Ukraine has had no Russian gas for several weeks, which is not a crisis in summer, but will be once the weather gets colder, he said.

Europe might be able to help Ukraine, but the measures will be short-term. And its cash-strapped governments know it will be costly to cultivate other sources of energy.

"Russia is going to remain a significant part of European energy markets for the foreseeable future and there's nothing wrong with that as long as we can diminish dependency to the point where Russia loses political leverage," Sherr said.

He is worried Putin will wait until EU leaders are frightened about gas shortages, and negotiate a deal that gives him Crimea.

London's Independent newspaper was reporting Thursday that German Chancellor Angela Merkel is negotiating just such a deal, secretly.

"Suppose in return for abandoning the so-called separatists, I would say insurgents, he gets Crimea, he gets a form of federalization..., and he gets a treaty guaranteeing Ukraine's neutrality? What has he lost?" Sherr said.

He argues that sanctions are not having much impact on Putin's inner circle.

MH17 a watershed moment

Marta Dyzcok, a University of Western Ontario professor and specialist in international politics, says Ukraine will never agree to give up Crimea.

And she argues the downing of Malaysian Airlines MH17 was a watershed moment for the West, hardening resolve over pushing back against Russia.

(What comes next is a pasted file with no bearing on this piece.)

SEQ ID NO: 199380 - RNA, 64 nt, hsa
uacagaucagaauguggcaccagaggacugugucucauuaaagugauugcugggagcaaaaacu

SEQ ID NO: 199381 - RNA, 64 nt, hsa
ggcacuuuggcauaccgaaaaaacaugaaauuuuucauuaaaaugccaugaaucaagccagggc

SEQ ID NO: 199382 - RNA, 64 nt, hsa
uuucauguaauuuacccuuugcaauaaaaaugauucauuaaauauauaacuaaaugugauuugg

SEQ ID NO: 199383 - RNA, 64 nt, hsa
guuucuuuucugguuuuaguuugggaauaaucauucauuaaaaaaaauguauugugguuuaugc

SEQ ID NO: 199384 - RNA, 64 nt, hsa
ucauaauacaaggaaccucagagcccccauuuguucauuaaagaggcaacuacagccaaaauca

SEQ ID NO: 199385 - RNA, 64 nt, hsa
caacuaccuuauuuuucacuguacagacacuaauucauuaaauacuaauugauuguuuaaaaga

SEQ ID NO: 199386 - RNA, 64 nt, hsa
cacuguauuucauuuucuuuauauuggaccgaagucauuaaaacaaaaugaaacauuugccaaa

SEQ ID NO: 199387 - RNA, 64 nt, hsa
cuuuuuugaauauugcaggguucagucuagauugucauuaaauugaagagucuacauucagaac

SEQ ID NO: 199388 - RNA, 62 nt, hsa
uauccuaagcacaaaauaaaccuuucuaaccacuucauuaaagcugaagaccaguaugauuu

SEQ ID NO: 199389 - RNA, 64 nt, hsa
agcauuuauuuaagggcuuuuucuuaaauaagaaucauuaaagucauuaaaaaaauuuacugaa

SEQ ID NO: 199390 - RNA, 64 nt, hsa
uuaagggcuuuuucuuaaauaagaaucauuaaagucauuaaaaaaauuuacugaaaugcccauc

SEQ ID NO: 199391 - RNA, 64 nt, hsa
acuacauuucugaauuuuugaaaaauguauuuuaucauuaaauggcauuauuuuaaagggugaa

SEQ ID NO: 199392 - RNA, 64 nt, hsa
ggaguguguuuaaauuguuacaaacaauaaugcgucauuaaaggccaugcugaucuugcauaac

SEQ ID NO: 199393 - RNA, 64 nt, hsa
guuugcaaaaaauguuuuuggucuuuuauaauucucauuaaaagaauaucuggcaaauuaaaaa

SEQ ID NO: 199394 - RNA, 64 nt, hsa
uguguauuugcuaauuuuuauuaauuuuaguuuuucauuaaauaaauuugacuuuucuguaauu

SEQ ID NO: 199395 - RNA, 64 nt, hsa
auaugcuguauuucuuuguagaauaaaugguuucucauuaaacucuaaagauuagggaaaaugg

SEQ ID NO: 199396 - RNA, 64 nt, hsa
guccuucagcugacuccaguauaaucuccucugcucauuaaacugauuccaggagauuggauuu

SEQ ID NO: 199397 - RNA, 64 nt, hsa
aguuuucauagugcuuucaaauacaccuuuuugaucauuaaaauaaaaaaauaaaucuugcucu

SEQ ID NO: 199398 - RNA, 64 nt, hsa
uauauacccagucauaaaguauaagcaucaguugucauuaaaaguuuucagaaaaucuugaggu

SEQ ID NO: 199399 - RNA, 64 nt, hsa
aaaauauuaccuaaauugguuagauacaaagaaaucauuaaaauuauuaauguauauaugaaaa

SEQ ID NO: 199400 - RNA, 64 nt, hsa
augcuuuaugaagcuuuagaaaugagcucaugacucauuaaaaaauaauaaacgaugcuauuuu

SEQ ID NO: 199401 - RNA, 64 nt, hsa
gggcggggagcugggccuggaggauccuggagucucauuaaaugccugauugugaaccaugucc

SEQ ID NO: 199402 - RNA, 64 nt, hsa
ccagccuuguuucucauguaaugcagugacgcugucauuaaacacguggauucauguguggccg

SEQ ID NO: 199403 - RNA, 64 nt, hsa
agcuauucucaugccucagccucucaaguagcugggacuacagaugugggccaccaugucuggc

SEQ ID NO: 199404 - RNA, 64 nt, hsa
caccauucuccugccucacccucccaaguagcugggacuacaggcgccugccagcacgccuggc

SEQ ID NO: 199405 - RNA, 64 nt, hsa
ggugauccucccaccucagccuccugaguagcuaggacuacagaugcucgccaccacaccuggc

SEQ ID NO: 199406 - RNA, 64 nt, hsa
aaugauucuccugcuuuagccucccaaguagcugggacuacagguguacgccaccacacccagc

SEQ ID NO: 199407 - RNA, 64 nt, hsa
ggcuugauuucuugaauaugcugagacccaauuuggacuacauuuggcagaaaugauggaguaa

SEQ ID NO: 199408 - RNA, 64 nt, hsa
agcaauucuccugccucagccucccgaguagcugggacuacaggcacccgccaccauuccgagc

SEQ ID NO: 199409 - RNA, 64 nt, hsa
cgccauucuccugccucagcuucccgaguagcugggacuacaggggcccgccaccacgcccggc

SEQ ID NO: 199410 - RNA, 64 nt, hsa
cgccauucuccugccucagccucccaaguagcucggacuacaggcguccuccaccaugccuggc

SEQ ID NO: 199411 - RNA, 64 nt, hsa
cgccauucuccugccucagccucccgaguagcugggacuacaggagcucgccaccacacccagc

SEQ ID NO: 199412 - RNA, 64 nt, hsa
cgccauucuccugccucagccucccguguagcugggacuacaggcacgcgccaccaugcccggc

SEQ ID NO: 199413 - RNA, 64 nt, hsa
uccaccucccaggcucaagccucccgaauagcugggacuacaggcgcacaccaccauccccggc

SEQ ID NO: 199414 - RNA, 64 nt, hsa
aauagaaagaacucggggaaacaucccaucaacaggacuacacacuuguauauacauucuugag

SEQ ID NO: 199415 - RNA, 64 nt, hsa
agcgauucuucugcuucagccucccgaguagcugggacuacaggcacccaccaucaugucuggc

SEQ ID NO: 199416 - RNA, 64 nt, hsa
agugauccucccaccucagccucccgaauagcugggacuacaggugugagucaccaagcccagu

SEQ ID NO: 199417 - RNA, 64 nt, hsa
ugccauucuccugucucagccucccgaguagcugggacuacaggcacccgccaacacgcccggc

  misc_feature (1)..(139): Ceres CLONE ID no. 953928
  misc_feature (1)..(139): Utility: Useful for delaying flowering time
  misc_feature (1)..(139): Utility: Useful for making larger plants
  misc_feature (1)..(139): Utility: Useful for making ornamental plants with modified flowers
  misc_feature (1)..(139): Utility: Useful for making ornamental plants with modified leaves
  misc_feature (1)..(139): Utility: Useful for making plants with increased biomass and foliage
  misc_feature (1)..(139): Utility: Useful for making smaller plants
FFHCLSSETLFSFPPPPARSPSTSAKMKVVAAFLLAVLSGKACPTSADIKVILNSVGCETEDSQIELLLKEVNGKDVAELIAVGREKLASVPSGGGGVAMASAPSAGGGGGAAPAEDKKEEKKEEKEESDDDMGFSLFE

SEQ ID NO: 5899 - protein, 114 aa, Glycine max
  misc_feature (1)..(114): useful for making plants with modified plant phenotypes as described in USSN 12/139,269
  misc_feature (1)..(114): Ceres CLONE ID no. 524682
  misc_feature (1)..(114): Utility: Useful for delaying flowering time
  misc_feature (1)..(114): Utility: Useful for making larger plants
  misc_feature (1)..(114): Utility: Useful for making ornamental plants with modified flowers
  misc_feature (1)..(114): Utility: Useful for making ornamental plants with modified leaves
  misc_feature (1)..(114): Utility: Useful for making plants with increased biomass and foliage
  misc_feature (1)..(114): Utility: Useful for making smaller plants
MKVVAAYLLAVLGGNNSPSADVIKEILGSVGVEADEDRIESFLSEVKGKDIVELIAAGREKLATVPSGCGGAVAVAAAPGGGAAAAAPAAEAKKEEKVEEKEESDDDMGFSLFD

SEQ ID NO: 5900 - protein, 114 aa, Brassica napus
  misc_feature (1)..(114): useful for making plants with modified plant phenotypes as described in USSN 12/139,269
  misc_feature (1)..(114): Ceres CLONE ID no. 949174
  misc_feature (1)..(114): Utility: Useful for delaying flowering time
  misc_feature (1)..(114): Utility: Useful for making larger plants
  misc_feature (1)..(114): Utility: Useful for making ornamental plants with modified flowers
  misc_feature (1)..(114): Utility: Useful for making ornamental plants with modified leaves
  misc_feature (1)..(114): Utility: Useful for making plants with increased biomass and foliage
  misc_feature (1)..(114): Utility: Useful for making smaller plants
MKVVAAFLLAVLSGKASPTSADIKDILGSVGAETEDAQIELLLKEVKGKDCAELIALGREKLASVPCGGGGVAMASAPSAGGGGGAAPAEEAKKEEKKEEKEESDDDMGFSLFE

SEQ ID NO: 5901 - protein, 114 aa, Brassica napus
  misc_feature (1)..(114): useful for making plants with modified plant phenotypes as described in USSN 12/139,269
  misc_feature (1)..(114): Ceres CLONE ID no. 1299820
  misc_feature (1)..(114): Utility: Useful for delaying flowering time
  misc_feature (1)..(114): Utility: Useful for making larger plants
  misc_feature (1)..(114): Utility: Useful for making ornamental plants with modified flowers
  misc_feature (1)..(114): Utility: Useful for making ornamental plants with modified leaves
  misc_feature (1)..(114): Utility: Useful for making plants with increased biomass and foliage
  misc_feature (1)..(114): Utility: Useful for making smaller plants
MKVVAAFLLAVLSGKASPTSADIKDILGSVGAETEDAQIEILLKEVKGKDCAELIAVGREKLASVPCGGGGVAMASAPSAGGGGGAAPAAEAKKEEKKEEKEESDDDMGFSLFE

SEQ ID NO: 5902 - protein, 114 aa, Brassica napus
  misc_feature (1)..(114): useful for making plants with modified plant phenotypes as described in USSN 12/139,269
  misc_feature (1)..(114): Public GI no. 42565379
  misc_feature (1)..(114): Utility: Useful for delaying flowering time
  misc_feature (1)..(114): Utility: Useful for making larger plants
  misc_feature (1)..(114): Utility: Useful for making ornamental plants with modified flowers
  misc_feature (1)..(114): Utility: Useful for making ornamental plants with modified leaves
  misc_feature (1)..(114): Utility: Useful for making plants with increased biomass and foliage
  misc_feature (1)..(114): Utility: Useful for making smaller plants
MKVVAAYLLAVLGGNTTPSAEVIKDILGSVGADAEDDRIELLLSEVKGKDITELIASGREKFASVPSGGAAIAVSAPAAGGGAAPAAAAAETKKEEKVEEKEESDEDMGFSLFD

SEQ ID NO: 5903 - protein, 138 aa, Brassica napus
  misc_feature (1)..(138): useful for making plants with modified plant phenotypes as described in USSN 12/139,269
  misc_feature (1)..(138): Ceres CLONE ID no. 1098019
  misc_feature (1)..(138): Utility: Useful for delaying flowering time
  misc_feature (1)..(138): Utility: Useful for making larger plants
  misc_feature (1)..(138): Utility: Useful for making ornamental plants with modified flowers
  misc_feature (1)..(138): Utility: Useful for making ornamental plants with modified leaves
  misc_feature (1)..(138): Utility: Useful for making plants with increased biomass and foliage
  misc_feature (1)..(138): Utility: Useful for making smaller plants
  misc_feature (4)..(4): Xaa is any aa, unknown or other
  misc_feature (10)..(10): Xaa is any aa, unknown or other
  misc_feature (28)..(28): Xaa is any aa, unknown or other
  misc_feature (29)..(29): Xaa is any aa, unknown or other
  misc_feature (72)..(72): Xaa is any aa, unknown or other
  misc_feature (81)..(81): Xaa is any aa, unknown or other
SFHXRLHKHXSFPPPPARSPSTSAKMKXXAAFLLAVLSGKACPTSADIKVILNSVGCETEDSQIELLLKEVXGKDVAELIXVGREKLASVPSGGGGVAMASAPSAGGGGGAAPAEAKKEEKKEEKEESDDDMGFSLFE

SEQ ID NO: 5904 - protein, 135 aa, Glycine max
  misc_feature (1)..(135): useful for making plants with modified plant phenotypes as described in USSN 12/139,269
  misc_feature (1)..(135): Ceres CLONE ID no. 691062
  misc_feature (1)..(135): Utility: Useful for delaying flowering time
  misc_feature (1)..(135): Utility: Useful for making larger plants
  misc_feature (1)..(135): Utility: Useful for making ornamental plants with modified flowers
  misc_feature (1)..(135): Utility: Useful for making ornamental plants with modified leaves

"The money and arms and everything that happens in eastern Ukraine is coming from Russia. People have been dying for weeks and it was when the Malaysian flight went down – that's when the world started paying attention," she said.

Negotiations and pressure are the weapons the West has to work with and sanctions are necessary just to get Putin to the bargaining table. 

Putin is quite comfortable with being outside the Western orbit – on Chechnya, on South Ossetia, and now supporting Syrian president Bashar al-Assad against the wishes of most of the international community.

"He comes to the table, they sit down, they negotiate an agreement and he disregards it, so the only way to force him is through international sanctions," Dyzcok said.

Volker agrees Putin has joined international clubs like the G8 only as a disruptive force.

"We in the West have to have a kind of long-term strategy as we're going to be pushing back on a kind of constant basis, instead of dealing with one crisis and then turning away as soon as that appears to be resolved," he said.

Volker advocates going beyond sanctions and helping Ukraine militarily.

Thursday's EU package of punitive measures includes an arms embargo and the prohibition to export some oil exploration technology used for deep water drilling, Arctic oil exploration and production, or shale oil projects. They also would block export of so-called dual use goods, which can be used for military and civilian purposes.